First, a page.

Downes Road resident Diane Danvers surveys her own net-protected berries at her hobby farm.

Downes Road resident Diane Danvers surveys her own net-protected berries at her hobby farm.

Cannon Conflict: Loud blasts fray neighbours’ nerves

Those who live near propane cannons worry about the psychological effect of the constant noise

Read part one of this series

Living next to a propane cannon can feel like being in a war zone, according to some neighbours.

Ken Howard and his wife Diane Danvers had lived on Downes Road for some 25 years when the first blueberry farm moved in across the road.

“It used to be a nice, quiet hay field,” Howard says.

But in 2008 the first blasts of a propane cannon rang out across the couple’s five-acre hobby farm.

“When it first started, I thought there must be something wrong,” Danvers says.

The couple’s dog sought refuge in the house and Danvers’ milk cow became jumpy. That summer, a company hired by the couple measured the cannon sound at 92.8 decibels. That year there were two cannons, each firing three shots every five minutes.

By 2011, five cannons were firing across the street. The cannons are allowed to fire from 6:30 a.m. to 8 p.m., with a pause between noon and 3 p.m.

Last year, the grower was asked by the Farm Industry Review Board to modify his practices and try other measures to keep birds away.

It wasn’t enough for neighbour Barbara Fischer, who lodged the complaint. She has since moved to Osoyoos, saying the cannons were the “final straw” that convinced her to leave. Her property was bought by a farmer who has planted much of the land with blueberries.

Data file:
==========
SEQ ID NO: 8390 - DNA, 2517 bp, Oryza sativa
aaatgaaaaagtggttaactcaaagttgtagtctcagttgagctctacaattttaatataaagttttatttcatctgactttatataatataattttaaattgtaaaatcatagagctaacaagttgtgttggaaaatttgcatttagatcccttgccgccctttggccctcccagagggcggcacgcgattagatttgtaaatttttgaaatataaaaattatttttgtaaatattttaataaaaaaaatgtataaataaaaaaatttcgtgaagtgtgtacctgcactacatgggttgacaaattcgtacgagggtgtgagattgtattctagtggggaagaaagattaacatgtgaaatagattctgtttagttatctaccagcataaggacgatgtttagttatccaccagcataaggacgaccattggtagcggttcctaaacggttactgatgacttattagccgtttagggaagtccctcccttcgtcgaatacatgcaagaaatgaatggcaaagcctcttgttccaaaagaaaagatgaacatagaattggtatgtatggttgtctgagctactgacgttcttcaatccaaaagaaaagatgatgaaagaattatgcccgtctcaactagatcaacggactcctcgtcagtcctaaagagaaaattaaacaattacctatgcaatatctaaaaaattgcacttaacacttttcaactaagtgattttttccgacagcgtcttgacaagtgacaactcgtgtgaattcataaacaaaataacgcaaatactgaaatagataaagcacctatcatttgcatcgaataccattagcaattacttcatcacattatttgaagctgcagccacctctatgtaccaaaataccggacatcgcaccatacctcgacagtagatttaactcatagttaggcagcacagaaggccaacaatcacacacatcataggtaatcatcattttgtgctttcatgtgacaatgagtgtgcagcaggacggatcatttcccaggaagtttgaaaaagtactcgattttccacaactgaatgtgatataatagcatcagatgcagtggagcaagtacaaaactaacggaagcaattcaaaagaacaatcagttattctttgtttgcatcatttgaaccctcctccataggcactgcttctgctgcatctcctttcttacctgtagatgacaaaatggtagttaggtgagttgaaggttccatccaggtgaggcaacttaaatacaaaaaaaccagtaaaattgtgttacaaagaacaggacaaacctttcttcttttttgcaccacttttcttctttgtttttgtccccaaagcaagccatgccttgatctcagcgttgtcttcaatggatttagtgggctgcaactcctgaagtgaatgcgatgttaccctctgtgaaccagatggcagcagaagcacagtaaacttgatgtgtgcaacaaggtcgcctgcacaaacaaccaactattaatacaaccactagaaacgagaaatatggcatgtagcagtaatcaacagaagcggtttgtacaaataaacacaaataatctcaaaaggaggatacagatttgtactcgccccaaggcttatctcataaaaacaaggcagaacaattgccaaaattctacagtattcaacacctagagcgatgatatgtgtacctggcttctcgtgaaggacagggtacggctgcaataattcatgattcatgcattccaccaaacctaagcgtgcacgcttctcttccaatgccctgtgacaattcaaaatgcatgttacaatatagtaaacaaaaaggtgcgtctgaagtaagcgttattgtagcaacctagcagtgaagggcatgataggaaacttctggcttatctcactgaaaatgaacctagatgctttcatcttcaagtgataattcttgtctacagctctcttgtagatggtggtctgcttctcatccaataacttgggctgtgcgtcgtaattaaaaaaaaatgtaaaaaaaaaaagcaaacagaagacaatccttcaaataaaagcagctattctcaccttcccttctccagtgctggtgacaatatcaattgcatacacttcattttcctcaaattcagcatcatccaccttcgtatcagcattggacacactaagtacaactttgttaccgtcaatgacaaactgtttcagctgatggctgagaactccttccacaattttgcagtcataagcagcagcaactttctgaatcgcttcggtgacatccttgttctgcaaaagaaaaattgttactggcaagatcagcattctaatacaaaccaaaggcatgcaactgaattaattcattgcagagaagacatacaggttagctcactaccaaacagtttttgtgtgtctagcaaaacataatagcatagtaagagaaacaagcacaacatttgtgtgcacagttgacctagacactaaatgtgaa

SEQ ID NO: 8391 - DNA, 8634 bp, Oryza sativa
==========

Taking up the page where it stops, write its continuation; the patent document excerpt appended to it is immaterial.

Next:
Danvers and Howard say the cannons have changed the way they spend their time at home, which has been in Danvers’ family since the 1940s.

“We go away during the day,” Danvers says. “It’s quite precious when they stop.”

••••

More than 40 million pounds of blueberries are grown every year in Abbotsford. In the last decade, hundreds of acres of farmland across the city have been plowed under and replaced by blueberries.

Many, but not all, of the farms use propane cannons to ward off birds. It’s in the city’s east, where rural acreages abut the blueberry fields, that the conflict between farmers and neighbours is most felt.

Christine Bellerive-Esmail and her husband, Hari Esmail, bought their six-acre home three years ago in March. Then, one day in the early summer, they and their two young children awoke to the cannons.

Now, Bellerive-Esmail tries to wake up before 7 a.m. so she can shut her window. Her window faces the farm and its cannon, which is obscured only by a row of hedges. If it remains open, she’ll be jarred awake by the blasts from the blueberry cannon next door.